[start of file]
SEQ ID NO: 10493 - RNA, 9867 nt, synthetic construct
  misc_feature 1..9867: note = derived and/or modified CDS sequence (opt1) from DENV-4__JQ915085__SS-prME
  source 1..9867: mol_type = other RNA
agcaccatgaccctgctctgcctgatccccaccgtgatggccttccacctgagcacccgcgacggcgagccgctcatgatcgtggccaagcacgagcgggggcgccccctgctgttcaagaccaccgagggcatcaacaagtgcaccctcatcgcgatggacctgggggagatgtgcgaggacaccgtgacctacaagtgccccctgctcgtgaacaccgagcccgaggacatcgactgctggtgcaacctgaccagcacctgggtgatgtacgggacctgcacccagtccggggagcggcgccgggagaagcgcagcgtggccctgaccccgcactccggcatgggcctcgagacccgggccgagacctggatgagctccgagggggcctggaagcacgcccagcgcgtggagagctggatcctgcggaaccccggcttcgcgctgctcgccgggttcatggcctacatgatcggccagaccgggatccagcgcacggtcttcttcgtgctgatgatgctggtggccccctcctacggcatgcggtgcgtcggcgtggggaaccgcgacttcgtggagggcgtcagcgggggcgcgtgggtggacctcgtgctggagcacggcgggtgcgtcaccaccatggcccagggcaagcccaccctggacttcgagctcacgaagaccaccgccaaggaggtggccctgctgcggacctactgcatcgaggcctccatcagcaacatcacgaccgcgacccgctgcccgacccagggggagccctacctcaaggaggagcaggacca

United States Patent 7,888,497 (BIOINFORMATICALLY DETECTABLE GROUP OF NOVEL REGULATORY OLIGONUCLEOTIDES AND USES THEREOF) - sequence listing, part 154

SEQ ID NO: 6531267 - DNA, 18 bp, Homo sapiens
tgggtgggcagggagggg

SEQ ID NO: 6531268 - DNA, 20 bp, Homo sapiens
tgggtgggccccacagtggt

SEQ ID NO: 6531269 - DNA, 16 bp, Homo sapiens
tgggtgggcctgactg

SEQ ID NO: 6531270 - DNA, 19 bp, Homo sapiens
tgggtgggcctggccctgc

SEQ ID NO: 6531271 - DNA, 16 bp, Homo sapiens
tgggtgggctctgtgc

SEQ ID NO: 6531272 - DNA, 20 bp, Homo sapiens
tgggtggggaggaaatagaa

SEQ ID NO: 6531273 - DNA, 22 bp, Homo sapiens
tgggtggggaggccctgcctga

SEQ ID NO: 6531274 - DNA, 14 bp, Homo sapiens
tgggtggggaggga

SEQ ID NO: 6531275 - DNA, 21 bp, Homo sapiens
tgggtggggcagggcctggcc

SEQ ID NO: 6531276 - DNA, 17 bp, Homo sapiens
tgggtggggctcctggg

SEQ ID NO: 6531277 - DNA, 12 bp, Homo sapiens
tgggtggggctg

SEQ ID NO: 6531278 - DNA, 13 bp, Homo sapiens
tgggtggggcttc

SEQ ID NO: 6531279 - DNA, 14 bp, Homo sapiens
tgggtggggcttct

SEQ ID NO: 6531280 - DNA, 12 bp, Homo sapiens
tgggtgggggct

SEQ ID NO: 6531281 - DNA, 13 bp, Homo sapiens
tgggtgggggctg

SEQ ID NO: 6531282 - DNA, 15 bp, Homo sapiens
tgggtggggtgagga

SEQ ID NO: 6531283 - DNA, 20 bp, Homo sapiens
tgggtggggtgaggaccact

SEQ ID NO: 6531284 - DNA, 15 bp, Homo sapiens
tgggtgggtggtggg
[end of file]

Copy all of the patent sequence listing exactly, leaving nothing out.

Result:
SEQ ID NO: 10493 - RNA, 9867 nt, synthetic construct
  misc_feature 1..9867: note = derived and/or modified CDS sequence (opt1) from DENV-4__JQ915085__SS-prME
  source 1..9867: mol_type = other RNA
agcaccatgaccctgctctgcctgatccccaccgtgatggccttccacctgagcacccgcgacggcgagccgctcatgatcgtggccaagcacgagcgggggcgccccctgctgttcaagaccaccgagggcatcaacaagtgcaccctcatcgcgatggacctgggggagatgtgcgaggacaccgtgacctacaagtgccccctgctcgtgaacaccgagcccgaggacatcgactgctggtgcaacctgaccagcacctgggtgatgtacgggacctgcacccagtccggggagcggcgccgggagaagcgcagcgtggccctgaccccgcactccggcatgggcctcgagacccgggccgagacctggatgagctccgagggggcctggaagcacgcccagcgcgtggagagctggatcctgcggaaccccggcttcgcgctgctcgccgggttcatggcctacatgatcggccagaccgggatccagcgcacggtcttcttcgtgctgatgatgctggtggccccctcctacggcatgcggtgcgtcggcgtggggaaccgcgacttcgtggagggcgtcagcgggggcgcgtgggtggacctcgtgctggagcacggcgggtgcgtcaccaccatggcccagggcaagcccaccctggacttcgagctcacgaagaccaccgccaaggaggtggccctgctgcggacctactgcatcgaggcctccatcagcaacatcacgaccgcgacccgctgcccgacccagggggagccctacctcaaggaggagcaggacca

United States Patent 7,888,497 (BIOINFORMATICALLY DETECTABLE GROUP OF NOVEL REGULATORY OLIGONUCLEOTIDES AND USES THEREOF) - sequence listing, part 154

SEQ ID NO: 6531267 - DNA, 18 bp, Homo sapiens
tgggtgggcagggagggg

SEQ ID NO: 6531268 - DNA, 20 bp, Homo sapiens
tgggtgggccccacagtggt

SEQ ID NO: 6531269 - DNA, 16 bp, Homo sapiens
tgggtgggcctgactg

SEQ ID NO: 6531270 - DNA, 19 bp, Homo sapiens
tgggtgggcctggccctgc

SEQ ID NO: 6531271 - DNA, 16 bp, Homo sapiens
tgggtgggctctgtgc

SEQ ID NO: 6531272 - DNA, 20 bp, Homo sapiens
tgggtggggaggaaatagaa

SEQ ID NO: 6531273 - DNA, 22 bp, Homo sapiens
tgggtggggaggccctgcctga

SEQ ID NO: 6531274 - DNA, 14 bp, Homo sapiens
tgggtggggaggga

SEQ ID NO: 6531275 - DNA, 21 bp, Homo sapiens
tgggtggggcagggcctggcc

SEQ ID NO: 6531276 - DNA, 17 bp, Homo sapiens
tgggtggggctcctggg

SEQ ID NO: 6531277 - DNA, 12 bp, Homo sapiens
tgggtggggctg

SEQ ID NO: 6531278 - DNA, 13 bp, Homo sapiens
tgggtggggcttc

SEQ ID NO: 6531279 - DNA, 14 bp, Homo sapiens
tgggtggggcttct

SEQ ID NO: 6531280 - DNA, 12 bp, Homo sapiens
tgggtgggggct

SEQ ID NO: 6531281 - DNA, 13 bp, Homo sapiens
tgggtgggggctg

SEQ ID NO: 6531282 - DNA, 15 bp, Homo sapiens
tgggtggggtgagga

SEQ ID NO: 6531283 - DNA, 20 bp, Homo sapiens
tgggtggggtgaggaccact

SEQ ID NO: 6531284 - DNA, 15 bp, Homo sapiens
tgggtgggtggtggg